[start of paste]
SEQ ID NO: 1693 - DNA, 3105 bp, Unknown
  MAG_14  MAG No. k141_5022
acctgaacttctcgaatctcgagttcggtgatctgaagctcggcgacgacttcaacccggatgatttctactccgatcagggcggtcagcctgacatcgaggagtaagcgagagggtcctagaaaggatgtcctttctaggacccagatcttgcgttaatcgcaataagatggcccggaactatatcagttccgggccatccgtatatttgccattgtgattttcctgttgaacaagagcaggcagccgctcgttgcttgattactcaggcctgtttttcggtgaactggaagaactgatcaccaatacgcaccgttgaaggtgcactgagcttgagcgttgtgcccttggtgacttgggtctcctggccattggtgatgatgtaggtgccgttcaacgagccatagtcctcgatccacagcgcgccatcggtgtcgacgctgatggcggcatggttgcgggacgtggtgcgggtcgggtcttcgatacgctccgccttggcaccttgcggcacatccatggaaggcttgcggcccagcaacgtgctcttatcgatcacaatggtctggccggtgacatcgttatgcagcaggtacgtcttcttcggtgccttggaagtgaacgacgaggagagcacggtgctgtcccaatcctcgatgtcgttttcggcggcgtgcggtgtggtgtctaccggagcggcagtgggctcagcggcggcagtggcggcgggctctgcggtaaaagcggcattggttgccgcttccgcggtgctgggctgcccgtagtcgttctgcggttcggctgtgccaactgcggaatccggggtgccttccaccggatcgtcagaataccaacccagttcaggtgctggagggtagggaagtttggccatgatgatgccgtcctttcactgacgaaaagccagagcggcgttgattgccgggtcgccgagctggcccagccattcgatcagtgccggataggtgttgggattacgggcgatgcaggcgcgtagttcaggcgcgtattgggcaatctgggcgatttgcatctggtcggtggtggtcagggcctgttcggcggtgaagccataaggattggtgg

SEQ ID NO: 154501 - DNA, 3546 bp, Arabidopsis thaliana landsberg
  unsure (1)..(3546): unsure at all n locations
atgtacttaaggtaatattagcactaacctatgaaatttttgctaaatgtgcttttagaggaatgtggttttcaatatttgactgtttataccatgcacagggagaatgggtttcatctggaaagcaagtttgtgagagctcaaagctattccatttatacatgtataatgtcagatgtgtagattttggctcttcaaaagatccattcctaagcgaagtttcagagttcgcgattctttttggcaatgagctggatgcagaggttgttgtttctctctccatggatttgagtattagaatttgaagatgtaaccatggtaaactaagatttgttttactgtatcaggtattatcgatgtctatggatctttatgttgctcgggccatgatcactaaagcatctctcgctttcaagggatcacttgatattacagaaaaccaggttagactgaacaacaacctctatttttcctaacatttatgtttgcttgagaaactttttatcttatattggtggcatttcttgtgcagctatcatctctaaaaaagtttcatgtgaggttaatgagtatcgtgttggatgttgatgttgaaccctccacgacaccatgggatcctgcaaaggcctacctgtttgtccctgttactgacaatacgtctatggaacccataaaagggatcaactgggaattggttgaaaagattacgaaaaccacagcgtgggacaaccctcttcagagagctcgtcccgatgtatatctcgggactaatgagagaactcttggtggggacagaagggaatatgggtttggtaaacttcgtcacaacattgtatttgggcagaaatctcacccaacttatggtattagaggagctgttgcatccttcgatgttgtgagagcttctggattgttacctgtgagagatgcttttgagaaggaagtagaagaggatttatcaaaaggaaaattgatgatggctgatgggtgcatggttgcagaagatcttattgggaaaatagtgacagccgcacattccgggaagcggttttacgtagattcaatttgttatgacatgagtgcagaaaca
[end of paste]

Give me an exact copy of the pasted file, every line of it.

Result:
SEQ ID NO: 1693 - DNA, 3105 bp, Unknown
  MAG_14  MAG No. k141_5022
acctgaacttctcgaatctcgagttcggtgatctgaagctcggcgacgacttcaacccggatgatttctactccgatcagggcggtcagcctgacatcgaggagtaagcgagagggtcctagaaaggatgtcctttctaggacccagatcttgcgttaatcgcaataagatggcccggaactatatcagttccgggccatccgtatatttgccattgtgattttcctgttgaacaagagcaggcagccgctcgttgcttgattactcaggcctgtttttcggtgaactggaagaactgatcaccaatacgcaccgttgaaggtgcactgagcttgagcgttgtgcccttggtgacttgggtctcctggccattggtgatgatgtaggtgccgttcaacgagccatagtcctcgatccacagcgcgccatcggtgtcgacgctgatggcggcatggttgcgggacgtggtgcgggtcgggtcttcgatacgctccgccttggcaccttgcggcacatccatggaaggcttgcggcccagcaacgtgctcttatcgatcacaatggtctggccggtgacatcgttatgcagcaggtacgtcttcttcggtgccttggaagtgaacgacgaggagagcacggtgctgtcccaatcctcgatgtcgttttcggcggcgtgcggtgtggtgtctaccggagcggcagtgggctcagcggcggcagtggcggcgggctctgcggtaaaagcggcattggttgccgcttccgcggtgctgggctgcccgtagtcgttctgcggttcggctgtgccaactgcggaatccggggtgccttccaccggatcgtcagaataccaacccagttcaggtgctggagggtagggaagtttggccatgatgatgccgtcctttcactgacgaaaagccagagcggcgttgattgccgggtcgccgagctggcccagccattcgatcagtgccggataggtgttgggattacgggcgatgcaggcgcgtagttcaggcgcgtattgggcaatctgggcgatttgcatctggtcggtggtggtcagggcctgttcggcggtgaagccataaggattggtgg

SEQ ID NO: 154501 - DNA, 3546 bp, Arabidopsis thaliana landsberg
  unsure (1)..(3546): unsure at all n locations
atgtacttaaggtaatattagcactaacctatgaaatttttgctaaatgtgcttttagaggaatgtggttttcaatatttgactgtttataccatgcacagggagaatgggtttcatctggaaagcaagtttgtgagagctcaaagctattccatttatacatgtataatgtcagatgtgtagattttggctcttcaaaagatccattcctaagcgaagtttcagagttcgcgattctttttggcaatgagctggatgcagaggttgttgtttctctctccatggatttgagtattagaatttgaagatgtaaccatggtaaactaagatttgttttactgtatcaggtattatcgatgtctatggatctttatgttgctcgggccatgatcactaaagcatctctcgctttcaagggatcacttgatattacagaaaaccaggttagactgaacaacaacctctatttttcctaacatttatgtttgcttgagaaactttttatcttatattggtggcatttcttgtgcagctatcatctctaaaaaagtttcatgtgaggttaatgagtatcgtgttggatgttgatgttgaaccctccacgacaccatgggatcctgcaaaggcctacctgtttgtccctgttactgacaatacgtctatggaacccataaaagggatcaactgggaattggttgaaaagattacgaaaaccacagcgtgggacaaccctcttcagagagctcgtcccgatgtatatctcgggactaatgagagaactcttggtggggacagaagggaatatgggtttggtaaacttcgtcacaacattgtatttgggcagaaatctcacccaacttatggtattagaggagctgttgcatccttcgatgttgtgagagcttctggattgttacctgtgagagatgcttttgagaaggaagtagaagaggatttatcaaaaggaaaattgatgatggctgatgggtgcatggttgcagaagatcttattgggaaaatagtgacagccgcacattccgggaagcggttttacgtagattcaatttgttatgacatgagtgcagaaaca